Understanding How TTC Fusion Differs from Traditional Ankle Fusion: The Difference is in the Implant
When conservative methods of relieving pain or deformities in the ankle do not provide lasting relief, a surgical procedure known as ankle fusion is sometimes considered. Because of the wide range of patient needs, surgeons can choose from many different options for fusion surgery. One such option, called TTC fusion (TTC stands for tibiotalocalcaneal), is one type of ankle fusion.
The choice of primary ankle fusion or TTC fusion is made by the surgeon, based on many clinical factors. Only a surgeon trained in foot and ankle surgery can determine which method is best for a given patient. Either way, the goal is to reduce pain.
In primary ankle fusion surgery, the ankle joint is removed, allowing the tibia (shinbone) to grow together, or fuse, with the talus bone (the first large bone of the foot). Pins, plates, screws or rods are inserted through the bones to hold the bones together until they heal.
In TTC fusion, the tibia, talus and calcaneal bones are fused together using sophisticated metal implants called intramedullary nails (intramedullary means within the bone). DePuy Orthopaedics offers a TTC implant called the VersaNail® made of high-tech metals (titanium alloy). Using this system, surgeons can adapt the implant for the specific size and anatomy of each patient, and help achieve optimum alignment of the bones of the foot and ankle. TTC fusion is considered for certain patients with advanced osteoarthritis or rheumatoid diseases, injuries from accidents, ankle deformity, and complications from diabetes (Charcot), as well as to treat conditions such as avascular necrosis. (See related article on medical conditions for which TTC is considered.)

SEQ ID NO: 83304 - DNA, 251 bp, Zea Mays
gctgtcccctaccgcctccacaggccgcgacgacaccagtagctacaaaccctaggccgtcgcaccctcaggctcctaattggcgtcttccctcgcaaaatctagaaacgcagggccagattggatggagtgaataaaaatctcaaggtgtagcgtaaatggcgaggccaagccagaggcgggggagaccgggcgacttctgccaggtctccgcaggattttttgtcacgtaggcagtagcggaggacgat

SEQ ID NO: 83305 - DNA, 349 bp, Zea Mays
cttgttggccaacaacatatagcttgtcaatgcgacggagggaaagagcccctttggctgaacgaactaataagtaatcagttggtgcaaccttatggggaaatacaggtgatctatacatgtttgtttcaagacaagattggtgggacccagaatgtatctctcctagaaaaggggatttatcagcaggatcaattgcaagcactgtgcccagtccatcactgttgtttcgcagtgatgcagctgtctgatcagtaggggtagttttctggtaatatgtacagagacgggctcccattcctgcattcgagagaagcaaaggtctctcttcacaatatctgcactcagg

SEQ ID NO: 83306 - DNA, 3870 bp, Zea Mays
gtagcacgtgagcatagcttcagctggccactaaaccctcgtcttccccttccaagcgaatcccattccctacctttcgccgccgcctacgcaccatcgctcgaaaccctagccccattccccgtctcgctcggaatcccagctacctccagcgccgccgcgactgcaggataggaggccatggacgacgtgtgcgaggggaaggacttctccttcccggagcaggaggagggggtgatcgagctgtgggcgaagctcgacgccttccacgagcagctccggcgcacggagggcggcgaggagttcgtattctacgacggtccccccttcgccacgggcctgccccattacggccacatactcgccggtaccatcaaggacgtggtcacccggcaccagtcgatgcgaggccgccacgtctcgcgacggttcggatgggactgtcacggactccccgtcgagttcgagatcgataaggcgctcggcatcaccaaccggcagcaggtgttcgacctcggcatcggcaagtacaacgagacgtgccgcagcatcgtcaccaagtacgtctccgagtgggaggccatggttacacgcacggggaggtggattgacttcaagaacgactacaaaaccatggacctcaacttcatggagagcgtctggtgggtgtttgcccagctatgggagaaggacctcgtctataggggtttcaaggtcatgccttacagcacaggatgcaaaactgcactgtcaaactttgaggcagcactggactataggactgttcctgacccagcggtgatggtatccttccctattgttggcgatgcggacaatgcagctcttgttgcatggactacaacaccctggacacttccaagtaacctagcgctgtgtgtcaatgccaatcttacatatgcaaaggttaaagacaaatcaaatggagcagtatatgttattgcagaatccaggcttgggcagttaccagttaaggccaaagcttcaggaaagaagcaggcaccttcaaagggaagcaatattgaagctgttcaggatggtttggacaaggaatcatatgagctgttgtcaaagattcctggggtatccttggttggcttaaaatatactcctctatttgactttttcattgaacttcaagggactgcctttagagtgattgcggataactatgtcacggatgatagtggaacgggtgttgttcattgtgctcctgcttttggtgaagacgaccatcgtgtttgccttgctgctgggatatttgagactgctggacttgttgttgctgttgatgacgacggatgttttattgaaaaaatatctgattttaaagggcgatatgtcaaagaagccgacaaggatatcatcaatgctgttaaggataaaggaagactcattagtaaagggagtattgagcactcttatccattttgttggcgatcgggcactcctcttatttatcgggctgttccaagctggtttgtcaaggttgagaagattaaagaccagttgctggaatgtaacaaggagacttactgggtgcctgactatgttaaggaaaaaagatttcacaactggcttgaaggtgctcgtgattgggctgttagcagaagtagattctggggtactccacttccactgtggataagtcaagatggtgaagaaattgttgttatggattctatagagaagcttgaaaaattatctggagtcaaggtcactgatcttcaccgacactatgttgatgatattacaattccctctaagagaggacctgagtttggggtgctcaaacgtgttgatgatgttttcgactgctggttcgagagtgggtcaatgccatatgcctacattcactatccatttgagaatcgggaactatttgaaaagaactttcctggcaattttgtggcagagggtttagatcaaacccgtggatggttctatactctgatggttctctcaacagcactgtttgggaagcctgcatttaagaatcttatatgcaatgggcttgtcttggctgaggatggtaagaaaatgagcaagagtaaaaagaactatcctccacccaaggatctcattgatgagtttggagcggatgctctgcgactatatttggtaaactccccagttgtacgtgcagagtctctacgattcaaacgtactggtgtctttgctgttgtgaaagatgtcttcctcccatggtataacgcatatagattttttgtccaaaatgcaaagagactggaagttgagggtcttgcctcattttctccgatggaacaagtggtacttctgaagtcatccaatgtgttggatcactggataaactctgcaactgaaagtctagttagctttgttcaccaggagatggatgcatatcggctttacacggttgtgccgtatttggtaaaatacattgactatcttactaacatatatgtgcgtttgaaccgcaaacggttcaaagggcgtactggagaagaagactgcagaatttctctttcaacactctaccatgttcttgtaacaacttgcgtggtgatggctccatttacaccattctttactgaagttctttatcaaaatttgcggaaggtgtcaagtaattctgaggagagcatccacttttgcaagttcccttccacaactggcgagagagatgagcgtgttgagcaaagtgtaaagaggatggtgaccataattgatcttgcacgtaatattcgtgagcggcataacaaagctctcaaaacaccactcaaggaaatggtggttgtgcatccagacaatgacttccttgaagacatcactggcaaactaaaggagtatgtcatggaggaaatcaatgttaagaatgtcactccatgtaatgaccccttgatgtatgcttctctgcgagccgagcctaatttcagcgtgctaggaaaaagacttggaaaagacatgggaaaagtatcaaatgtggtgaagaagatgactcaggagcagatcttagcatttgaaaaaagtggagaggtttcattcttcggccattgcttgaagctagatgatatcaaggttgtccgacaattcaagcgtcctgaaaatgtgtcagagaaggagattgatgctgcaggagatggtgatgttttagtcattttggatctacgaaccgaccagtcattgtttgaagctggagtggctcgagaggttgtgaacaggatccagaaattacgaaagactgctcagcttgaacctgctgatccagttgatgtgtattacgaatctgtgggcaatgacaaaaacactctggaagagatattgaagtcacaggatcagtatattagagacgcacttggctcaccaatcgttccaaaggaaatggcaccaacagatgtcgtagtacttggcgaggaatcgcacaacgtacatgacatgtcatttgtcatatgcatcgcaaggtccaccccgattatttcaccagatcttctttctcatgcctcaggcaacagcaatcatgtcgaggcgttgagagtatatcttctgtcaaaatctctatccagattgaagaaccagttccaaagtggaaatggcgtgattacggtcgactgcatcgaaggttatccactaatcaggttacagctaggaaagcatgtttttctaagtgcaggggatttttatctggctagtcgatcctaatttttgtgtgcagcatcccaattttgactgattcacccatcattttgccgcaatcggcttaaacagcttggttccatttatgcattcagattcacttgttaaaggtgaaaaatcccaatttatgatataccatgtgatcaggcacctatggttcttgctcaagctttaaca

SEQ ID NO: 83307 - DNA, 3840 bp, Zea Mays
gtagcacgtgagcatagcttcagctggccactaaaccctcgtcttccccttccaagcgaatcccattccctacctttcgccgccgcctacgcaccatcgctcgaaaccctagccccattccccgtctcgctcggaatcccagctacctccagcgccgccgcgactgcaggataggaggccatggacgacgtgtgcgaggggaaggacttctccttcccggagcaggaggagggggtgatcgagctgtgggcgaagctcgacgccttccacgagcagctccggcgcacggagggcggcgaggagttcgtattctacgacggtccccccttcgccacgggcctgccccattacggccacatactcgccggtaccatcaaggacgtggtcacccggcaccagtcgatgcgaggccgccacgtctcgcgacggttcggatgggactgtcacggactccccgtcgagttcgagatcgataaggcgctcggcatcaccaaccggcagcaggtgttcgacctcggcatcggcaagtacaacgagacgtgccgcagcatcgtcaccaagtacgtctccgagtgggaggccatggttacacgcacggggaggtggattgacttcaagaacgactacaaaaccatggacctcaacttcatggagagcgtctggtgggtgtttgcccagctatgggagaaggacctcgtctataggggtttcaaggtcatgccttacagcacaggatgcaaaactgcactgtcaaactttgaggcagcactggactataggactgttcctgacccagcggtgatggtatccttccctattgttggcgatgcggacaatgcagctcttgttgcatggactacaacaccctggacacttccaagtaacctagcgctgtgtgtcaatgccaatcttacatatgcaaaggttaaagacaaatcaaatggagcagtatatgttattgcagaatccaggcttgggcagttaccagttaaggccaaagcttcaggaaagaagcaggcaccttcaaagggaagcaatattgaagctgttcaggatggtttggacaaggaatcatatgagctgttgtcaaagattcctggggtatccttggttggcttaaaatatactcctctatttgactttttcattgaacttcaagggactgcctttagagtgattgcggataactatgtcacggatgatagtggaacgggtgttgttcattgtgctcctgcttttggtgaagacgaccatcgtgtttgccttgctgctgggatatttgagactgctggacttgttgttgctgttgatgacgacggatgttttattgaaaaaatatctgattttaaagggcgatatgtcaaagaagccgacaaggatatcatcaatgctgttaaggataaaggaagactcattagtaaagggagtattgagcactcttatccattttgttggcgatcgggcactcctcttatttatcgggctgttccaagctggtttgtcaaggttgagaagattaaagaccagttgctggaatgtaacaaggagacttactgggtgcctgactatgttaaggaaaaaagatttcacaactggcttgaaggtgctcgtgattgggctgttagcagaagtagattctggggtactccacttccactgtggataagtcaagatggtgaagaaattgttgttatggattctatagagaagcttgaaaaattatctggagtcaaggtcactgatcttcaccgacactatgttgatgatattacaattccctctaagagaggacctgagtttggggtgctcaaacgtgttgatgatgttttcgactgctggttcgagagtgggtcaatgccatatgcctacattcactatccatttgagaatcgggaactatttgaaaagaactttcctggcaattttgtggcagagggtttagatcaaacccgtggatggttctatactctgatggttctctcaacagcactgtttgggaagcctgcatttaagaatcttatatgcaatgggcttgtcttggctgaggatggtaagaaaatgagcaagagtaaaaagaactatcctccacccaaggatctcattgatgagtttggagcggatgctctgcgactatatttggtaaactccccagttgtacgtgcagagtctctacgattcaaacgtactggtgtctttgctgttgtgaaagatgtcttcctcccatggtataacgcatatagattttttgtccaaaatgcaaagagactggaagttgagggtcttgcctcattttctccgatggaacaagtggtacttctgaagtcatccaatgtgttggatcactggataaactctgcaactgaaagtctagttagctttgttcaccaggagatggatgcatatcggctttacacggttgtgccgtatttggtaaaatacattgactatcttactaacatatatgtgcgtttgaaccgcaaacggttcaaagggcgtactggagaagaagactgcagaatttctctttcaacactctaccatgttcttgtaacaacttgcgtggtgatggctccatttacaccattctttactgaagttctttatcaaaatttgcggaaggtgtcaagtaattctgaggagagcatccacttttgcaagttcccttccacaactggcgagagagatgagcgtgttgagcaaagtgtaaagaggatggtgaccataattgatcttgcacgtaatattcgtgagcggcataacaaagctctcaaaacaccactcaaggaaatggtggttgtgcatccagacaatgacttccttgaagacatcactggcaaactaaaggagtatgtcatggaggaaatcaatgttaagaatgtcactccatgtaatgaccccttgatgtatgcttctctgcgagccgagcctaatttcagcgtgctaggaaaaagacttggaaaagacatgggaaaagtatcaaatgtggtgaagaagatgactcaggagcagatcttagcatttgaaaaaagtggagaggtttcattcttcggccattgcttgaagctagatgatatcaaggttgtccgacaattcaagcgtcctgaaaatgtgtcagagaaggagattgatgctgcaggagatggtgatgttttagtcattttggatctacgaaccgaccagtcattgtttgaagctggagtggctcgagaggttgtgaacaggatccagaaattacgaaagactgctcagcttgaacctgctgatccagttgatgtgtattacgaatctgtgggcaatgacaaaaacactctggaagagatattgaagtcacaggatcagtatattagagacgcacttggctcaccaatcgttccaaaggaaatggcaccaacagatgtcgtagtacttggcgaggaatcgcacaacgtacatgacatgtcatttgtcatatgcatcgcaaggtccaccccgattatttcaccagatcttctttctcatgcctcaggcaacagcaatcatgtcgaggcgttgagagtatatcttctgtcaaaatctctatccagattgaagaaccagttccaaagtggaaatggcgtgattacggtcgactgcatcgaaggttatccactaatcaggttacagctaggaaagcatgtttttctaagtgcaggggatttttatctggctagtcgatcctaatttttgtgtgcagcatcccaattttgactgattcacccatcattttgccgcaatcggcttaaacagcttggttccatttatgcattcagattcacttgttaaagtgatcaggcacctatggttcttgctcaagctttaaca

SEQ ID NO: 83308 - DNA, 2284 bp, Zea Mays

TTC is generally used in advanced cases (called “end-stage ankle disorder”) where more conservative treatments like medication and other surgical treatments have not worked. It is also indicated for some patients who have had prior surgeries with inadequate results.
In TTC fusion, special screws help eliminate rotation, preventing the calcaneus, the largest bone in the heel, (the one that forms the round part of the heel) from “rocking” on the implant when the patient puts weight on it.
The system is designed to allow surgeons to insert the implant and the locking screws from the position in the anatomy that best suits the needs of the patient, and to make ultra-fine adjustments during surgery.
Whether the surgeon chooses traditional fusion or TTC fusion, the goal is to alleviate the pain that is felt either when bone rubs on bone after cartilage has worn away significantly or due to other disabling deformities.
Though some loss of movement of the foot and ankle joints does occur in both TTC and traditional fusion, fusion can be very effective in reducing pain, correcting deformities and stabilizing the joints. The recovery period can extend for three to six months, but the patient can usually begin to put weight on the foot around six weeks after surgery.
Fusion is not for every patient, and only a surgeon trained in foot and ankle surgery can determine the right treatment for you. As with any surgery there are risks, and results will vary from patient to patient.
Last Updated: 10/16/2007